Classical India:The Maurya and Gupta Empires

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Classical Kingdoms of India: Maurya and Gupta Page 1

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Founded the Maurya Empire when he unified the small kingdoms of northern India. Defeated the small kingdoms through ruthless harassment , the use of a massive army, war chariots and elephants. Divided his empire into provinces, then districts for tax assessments and law enforcement. He feared assassination by his enemies so he had food tasters and slept in different locations every night. Page 2 Chandragupta Maurya: 321 BCE-298 BCE

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321 BCE – 185 BCE Page 3 Describe the extent of the Maurya Empire under Chandragupta by referring to the physical features . HINT – Chandragupta’s Kingdom is in green. Think about your maps of India!!! Capital of the Maurya Kingdom The Maurya Empire

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Kautilya was Chandragupta’s political and military advisor. He was from the Brahmin caste. He wrote The Treatise on Material Gain or the Arthashastra . A guide book for the king and his ministers: Supported absolute royal power. Believed the great evil in society is anarchy or a lack of strong authority. Therefore, a king may need to use force against the people when necessary! Page 4 Kautilya

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301 BCE Chandragupta Maurya gave up his throne and became a monk out of fear and torment from his subjects and rivals. His grandson Asoka assumed the throne and continued the policies of Chandragupta. Asoka waged violent wars to expand the kingdom and exercised absolute authority over his people. Page 5 Asoka 304-232BCE

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Asoka became very remorseful about the deaths his wars caused and after the gruesome battle to control the region of Kalinga in 262 BCE he condemned the use of violence. Asoka vowed to rule his people through righteousness. Asoka’s Conflict  how to balance Kautilya’s methods of keeping power and Buddha’s demands to become a selfless person? Page 6 Asoka’s wars of expansion

Asoka’s conversion to Buddhism:

Asoka’s conversion to Buddhism Asoka converted to Buddhism and dedicated his life to non-violence and the welfare of his people. He built extensive roads, rest stops and hospitals throughout his empire to care for his people. Page 7

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Page 8 Describe the extent of the Maurya Empire under Asoka by referring to the physical features. Think about your maps of India!!! Asoka’s Empire Capital of the Maurya Kingdom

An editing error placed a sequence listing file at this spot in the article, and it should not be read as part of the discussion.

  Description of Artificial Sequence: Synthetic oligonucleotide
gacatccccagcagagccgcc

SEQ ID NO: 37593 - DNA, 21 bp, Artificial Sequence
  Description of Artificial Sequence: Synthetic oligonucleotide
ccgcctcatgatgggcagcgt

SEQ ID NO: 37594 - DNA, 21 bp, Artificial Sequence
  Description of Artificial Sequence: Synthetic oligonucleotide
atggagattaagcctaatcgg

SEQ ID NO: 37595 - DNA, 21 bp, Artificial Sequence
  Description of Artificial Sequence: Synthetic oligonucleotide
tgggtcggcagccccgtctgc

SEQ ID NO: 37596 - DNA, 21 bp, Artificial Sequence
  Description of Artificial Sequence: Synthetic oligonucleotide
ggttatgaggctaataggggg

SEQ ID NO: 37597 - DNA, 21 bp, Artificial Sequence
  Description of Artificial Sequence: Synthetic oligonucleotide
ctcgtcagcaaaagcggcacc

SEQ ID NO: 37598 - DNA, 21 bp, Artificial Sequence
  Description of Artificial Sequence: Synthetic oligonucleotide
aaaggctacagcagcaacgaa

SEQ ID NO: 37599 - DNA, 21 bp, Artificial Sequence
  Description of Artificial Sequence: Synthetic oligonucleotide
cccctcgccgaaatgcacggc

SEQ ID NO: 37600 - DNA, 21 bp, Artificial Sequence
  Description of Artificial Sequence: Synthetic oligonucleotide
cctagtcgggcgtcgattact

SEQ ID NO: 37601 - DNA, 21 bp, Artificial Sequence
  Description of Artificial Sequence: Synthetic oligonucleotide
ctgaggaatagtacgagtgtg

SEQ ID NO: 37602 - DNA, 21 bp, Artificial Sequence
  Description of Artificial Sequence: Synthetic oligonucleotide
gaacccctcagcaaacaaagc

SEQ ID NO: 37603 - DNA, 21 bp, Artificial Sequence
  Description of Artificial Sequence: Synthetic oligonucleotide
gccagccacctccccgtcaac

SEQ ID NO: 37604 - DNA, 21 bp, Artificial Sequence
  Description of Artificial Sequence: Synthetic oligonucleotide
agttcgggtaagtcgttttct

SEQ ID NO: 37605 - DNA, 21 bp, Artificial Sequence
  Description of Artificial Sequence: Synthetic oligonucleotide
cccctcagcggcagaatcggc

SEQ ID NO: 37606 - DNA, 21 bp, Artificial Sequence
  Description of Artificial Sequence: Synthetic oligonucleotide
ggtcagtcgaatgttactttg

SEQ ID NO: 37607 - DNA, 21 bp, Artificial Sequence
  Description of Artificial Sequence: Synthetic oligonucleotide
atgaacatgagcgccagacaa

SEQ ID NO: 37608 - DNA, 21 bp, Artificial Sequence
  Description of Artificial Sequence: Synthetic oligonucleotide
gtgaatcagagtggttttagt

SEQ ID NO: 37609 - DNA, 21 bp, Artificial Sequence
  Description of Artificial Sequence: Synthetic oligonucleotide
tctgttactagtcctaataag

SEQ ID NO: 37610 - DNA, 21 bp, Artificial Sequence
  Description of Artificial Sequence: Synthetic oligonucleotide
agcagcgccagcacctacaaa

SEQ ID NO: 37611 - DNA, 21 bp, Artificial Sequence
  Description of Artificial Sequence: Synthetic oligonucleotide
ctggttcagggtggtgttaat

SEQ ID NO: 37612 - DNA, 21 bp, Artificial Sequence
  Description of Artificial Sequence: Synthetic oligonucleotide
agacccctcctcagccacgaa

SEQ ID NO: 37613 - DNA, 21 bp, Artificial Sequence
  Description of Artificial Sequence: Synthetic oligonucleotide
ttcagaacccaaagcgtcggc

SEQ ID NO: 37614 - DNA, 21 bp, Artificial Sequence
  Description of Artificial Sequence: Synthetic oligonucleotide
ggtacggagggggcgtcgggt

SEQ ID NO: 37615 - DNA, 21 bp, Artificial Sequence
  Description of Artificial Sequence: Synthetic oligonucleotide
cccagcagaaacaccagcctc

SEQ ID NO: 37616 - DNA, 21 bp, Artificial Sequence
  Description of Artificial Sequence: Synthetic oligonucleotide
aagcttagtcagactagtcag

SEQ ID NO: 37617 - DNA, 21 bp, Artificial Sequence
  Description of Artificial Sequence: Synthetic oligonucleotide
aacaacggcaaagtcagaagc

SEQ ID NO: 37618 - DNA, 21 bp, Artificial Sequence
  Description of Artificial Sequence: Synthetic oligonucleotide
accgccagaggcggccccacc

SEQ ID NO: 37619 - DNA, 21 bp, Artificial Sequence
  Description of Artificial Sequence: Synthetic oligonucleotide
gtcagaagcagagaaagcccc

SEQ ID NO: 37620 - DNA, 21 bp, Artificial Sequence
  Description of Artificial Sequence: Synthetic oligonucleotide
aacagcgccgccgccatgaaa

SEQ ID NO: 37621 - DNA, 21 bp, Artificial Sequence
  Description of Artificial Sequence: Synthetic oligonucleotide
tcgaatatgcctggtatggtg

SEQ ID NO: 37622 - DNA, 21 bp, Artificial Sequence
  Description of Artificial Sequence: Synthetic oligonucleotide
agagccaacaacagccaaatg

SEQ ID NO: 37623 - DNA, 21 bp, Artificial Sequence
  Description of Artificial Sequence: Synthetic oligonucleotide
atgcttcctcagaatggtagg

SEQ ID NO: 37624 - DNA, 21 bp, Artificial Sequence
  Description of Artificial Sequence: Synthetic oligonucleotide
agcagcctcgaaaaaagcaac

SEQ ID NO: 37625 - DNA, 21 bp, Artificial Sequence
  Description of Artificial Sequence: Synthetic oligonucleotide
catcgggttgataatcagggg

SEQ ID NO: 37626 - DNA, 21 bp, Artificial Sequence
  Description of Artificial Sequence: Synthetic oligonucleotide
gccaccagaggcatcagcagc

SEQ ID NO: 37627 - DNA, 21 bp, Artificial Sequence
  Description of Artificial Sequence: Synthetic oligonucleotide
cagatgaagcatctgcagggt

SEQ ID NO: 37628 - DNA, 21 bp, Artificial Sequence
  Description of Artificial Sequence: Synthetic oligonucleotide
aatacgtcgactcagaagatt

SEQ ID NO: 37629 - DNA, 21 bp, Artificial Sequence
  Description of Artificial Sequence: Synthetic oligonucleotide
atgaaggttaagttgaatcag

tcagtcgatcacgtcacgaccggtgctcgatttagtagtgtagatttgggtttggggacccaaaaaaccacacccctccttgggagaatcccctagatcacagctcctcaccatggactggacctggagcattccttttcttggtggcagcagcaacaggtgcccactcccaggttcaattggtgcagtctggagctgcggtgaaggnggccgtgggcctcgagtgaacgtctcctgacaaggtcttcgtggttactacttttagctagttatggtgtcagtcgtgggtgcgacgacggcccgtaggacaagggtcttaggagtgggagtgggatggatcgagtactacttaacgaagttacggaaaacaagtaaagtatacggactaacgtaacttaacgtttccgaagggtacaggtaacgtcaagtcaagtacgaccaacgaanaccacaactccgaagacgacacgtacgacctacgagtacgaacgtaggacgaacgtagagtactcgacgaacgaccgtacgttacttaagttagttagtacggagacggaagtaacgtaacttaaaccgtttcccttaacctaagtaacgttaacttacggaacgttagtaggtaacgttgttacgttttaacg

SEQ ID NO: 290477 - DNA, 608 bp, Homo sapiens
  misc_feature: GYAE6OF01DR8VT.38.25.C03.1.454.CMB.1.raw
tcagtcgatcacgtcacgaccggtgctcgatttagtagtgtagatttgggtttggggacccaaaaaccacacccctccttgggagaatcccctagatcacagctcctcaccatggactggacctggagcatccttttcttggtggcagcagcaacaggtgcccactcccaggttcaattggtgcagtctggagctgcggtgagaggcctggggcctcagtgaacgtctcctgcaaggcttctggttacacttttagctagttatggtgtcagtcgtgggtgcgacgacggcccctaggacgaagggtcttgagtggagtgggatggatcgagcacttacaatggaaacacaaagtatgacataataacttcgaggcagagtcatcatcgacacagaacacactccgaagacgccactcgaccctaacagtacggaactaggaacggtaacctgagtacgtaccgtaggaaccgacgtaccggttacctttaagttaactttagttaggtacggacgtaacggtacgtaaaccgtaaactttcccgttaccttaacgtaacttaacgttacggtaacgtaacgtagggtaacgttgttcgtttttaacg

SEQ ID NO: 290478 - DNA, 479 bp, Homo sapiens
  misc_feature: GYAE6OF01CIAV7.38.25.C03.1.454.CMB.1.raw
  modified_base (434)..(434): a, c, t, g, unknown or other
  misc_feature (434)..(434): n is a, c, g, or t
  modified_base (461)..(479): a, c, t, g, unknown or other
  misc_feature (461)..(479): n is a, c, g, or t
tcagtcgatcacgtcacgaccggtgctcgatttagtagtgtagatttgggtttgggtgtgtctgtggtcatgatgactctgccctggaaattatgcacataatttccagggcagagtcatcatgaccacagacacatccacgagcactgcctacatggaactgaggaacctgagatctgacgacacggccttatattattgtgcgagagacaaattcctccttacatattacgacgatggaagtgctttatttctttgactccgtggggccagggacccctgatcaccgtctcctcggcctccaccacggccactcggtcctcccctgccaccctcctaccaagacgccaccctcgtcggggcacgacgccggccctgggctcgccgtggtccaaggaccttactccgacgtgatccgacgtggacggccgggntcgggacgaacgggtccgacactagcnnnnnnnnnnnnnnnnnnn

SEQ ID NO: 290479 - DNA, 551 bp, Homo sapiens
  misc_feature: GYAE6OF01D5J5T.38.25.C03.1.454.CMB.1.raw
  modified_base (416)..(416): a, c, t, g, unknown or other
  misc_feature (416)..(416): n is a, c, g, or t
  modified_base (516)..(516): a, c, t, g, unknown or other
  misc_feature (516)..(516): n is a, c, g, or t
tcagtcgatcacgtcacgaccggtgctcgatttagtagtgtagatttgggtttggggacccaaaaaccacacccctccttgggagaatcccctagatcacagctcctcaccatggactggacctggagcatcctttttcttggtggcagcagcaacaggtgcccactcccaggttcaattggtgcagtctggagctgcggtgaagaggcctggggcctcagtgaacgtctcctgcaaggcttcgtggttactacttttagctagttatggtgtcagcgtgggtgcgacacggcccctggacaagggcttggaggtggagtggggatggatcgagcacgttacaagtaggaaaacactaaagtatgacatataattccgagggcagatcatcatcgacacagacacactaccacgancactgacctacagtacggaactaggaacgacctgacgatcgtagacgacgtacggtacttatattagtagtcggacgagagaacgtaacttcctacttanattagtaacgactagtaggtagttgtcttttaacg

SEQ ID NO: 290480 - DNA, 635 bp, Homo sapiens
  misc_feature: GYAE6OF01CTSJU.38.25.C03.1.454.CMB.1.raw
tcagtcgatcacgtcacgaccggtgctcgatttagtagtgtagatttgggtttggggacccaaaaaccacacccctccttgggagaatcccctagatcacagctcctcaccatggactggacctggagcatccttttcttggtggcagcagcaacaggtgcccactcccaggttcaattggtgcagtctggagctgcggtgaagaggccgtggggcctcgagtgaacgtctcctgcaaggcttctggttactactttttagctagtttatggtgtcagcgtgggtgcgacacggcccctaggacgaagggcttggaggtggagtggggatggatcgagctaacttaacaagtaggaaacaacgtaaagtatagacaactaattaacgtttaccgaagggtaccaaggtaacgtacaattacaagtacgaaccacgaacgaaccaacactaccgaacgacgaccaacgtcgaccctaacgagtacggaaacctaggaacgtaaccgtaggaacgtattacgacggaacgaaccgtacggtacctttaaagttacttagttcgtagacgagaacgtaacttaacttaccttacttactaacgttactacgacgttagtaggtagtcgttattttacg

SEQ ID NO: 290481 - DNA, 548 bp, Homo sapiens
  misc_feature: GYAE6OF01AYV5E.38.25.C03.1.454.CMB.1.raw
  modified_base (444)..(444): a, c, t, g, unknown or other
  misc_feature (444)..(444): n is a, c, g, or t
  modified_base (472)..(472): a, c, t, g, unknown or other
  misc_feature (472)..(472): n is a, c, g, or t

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Buddhist principles dominated Asoka’s laws. Asoka had his laws or edicts placed on rocks and pillars in more than 30 locations within his kingdom. Pillars have been found in India, Nepal and Afghanistan. The laws were written mostly in Sanskrit, but one was in Greek and one in Aramaic. There were 10 rock edicts and many pillars . Each pillar is 40’-50’ high. Page 9 Asoka’s law code

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Page 10 Some of Asoka’s Pillars

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Page 11 Asoka saw his dharma as showing the utmost respect for all living things. Many adopted a vegetarian lifestyles. Asoka’s idea of dharma brought harmony to India in the form of compassion and tolerance towards all he ruled. Serving as an example he lead his people to be respectful, responsible human beings. Women Under an Asoka tree

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Tamils The Maurya Empire is divided into many kingdoms. Page 12 Turmoil & A Power Vacuum: 220 BCE – 320 CE Fall Of The Maurya Empire after Asoka's death in 232 B.C., the Maurya Empire began to disintegrate. Five hundred years of disorder followed. Northern India was overrun by a series of invaders, and the south broke free from northern control. Some historians have felt that the fall of the Maurya can be traced to a hostile Brahmin castes reaction against Asoka's conversion to Buddhism. Others believe that Asoka's doctrine of nonviolence damaged the military and left them vulnerable to invaders. More likely the fall of the Maurya Kingdom is due to the communication problems facing an empire than included most of the Indian subcontinent, the difficulty of financing a vast army and bureaucracy, and the difficulty of ruling so many diverse groups of people within the empire.